Sandra had been doing exceptionally well since she started seeing her new counselor. She was glad because her experience in a group situation had been less than effective, so she decided that must have been the problem. However, this was her first big night out since her therapy began, and she was so afraid of succumbing to the constant offers of alcohol that she got flustered and lost track of the conversations of which she had been an active part until a few moments ago. Sandra leaves the party and heads for the restroom, disgusted with herself for feeling tempted, and wondering what would have happened if she had taken a drink before Alex came back to the party. How could she possibly support Alex if she gave in and let her addiction regain control?
Social Facilitation and Conformity
Social facilitation is a problem for anyone who has an addiction to alcohol. Conforming to the social norms that apply to people without addiction problems, and taking a drink would be easy for Sandra at any other party, but she knows everyone at this particular venue and she would only disgrace herself in front of them if she gave in and ordered a martini. Even worse, she would be disgusted with herself later, and she knows that just one drink would be a monumental setback for her from a therapeutic perspective. She does not want to feel like that about herself, so she stays close to Alex. Together they enjoy the rest of their evening and return home safe, sober and sound.
Sandra has been reading loads of material her therapist has given her over recent months, and was intrigued by the concept of social loafing. She feels that this phenomenon applied to her at the party this evening, and she is concerned that going anywhere without Alex in future, and not being able to “socially loaf” might be her downfall. Social loafing refers to the way people behave in a group – the way each relies on the other to carry most of the load of conversation or action. However, according to Kowalski and Westen (2009), “the more people involved in a task, the harder it is to coordinate efforts—to say nothing of the fact that people in a group frequently rely on others to pick up the slack for them”. She explains her concerns to her therapist at their next appointment, and is reassured that over time, the feeling of being so dependent on Alex will dissipate as she becomes more self-confident and empowered to take control of her own life. He tells her that as she is physically and mentally much healthier now, she will be able to resist the temptation to drink alcohol as a means to escape stress or boredom. He also tells her that in time, the need to lean on someone else will not enter her thoughts, and he is proud that she recognized that social loafing is a dysfunctional behavior to acquire anyway.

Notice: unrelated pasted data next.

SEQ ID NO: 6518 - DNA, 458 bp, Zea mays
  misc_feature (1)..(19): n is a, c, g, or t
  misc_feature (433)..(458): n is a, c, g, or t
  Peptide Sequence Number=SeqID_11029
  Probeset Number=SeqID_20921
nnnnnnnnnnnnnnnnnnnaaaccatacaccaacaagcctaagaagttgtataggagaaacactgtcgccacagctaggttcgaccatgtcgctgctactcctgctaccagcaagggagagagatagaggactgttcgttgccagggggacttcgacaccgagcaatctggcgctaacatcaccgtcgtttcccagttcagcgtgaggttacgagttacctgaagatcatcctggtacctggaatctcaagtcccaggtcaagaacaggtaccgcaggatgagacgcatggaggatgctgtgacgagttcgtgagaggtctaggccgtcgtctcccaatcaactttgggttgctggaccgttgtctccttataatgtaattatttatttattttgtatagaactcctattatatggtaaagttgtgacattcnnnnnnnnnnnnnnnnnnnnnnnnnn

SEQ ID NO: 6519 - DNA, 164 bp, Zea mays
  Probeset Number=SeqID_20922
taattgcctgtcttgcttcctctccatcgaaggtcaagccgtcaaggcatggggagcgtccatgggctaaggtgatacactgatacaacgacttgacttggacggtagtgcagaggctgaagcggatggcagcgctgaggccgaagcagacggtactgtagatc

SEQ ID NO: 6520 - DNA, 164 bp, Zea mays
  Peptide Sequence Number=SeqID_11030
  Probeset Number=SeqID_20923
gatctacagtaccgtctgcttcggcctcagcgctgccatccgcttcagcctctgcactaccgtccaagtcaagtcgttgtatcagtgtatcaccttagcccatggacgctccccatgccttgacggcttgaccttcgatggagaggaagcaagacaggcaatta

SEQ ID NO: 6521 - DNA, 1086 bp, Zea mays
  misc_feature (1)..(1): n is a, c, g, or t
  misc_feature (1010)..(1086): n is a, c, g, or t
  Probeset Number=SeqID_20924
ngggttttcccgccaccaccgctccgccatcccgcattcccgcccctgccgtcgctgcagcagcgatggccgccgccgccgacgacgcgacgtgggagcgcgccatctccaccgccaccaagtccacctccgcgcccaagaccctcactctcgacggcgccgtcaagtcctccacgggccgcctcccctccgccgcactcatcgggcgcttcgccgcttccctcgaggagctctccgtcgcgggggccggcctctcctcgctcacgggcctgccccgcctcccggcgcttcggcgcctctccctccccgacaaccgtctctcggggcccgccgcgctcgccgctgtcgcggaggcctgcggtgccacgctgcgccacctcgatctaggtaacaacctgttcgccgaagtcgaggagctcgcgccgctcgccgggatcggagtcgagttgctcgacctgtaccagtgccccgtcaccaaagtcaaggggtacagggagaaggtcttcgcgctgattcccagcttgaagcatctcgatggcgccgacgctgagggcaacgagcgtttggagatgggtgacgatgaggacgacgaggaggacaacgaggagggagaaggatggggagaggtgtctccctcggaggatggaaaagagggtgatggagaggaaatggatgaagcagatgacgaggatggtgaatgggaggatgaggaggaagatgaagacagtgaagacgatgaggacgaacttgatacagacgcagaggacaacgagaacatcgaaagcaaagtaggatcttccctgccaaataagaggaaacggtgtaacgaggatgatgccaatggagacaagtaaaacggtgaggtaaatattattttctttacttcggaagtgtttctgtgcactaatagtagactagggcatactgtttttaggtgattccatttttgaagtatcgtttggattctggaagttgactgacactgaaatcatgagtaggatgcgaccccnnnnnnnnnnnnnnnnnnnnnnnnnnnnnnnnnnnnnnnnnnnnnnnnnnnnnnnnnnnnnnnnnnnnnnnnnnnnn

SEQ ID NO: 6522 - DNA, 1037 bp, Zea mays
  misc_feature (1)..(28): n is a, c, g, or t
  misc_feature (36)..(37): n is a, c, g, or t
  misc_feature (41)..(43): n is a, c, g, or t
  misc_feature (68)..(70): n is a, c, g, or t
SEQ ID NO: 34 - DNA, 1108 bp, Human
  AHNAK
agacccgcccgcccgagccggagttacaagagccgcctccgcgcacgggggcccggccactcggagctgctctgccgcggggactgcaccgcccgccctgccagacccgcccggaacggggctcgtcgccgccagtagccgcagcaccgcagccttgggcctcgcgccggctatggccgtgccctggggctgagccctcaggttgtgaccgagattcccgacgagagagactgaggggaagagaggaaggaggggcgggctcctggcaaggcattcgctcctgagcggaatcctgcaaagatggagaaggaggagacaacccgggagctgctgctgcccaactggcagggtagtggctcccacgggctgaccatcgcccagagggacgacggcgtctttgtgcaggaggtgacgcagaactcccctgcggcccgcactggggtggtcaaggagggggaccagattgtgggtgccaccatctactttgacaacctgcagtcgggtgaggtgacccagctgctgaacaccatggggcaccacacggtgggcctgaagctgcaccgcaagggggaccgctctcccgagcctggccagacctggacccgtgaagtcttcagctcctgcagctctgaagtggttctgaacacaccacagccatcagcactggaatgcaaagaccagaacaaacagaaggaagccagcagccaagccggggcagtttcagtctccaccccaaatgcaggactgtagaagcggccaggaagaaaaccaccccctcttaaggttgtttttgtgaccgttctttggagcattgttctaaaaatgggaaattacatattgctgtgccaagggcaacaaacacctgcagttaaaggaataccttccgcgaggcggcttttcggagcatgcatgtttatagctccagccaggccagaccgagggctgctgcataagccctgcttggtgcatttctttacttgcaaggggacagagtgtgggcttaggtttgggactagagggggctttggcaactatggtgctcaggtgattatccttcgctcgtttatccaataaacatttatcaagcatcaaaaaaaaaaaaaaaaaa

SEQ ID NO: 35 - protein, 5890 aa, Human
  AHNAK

Sandra’s therapist goes on to suggest getting a full-time job. This is something that Sandra is now excited about, rather than feeling nervous that she will get drunk one night and not show up for work the next day. She has lost several jobs over the years because she was feeling weak, but now that has all changed. Sandra is becoming stronger and more powerful every day, and she is happy to see that Alex is finally regaining control her of her life too.
When a person has a psychological disorder, they may or may not behave the same as other people do in social situations. Knowing about the person’s problem can be helpful to them, but it is important to accommodate their behaviors in a way that is beneficial to them, and not offer pity. Although a comforting pat on the shoulder can be a friendly gesture to some people, others may see it as patronizing and feel angry or ashamed. Unfortunately, the stigma attached to mental illness has everything to do with how a person feels when it is common knowledge they have been affected by a psychological disorder. Circumstances are not always identical, however, and a warm greeting and casual conversation can reinforce any display of confident behavior in a person who is usually ill at ease in a social situation. People with psychological problems welcome such interaction. It is also a great facilitator for future, appropriate behaviors and the feeling of well-being for someone in a situation that has been a constant source of discomfort and stress in the past.
Kowalski, R., Westen, D. (2005). Psychology (4th ed.). Hoboken, NJ: Wiley.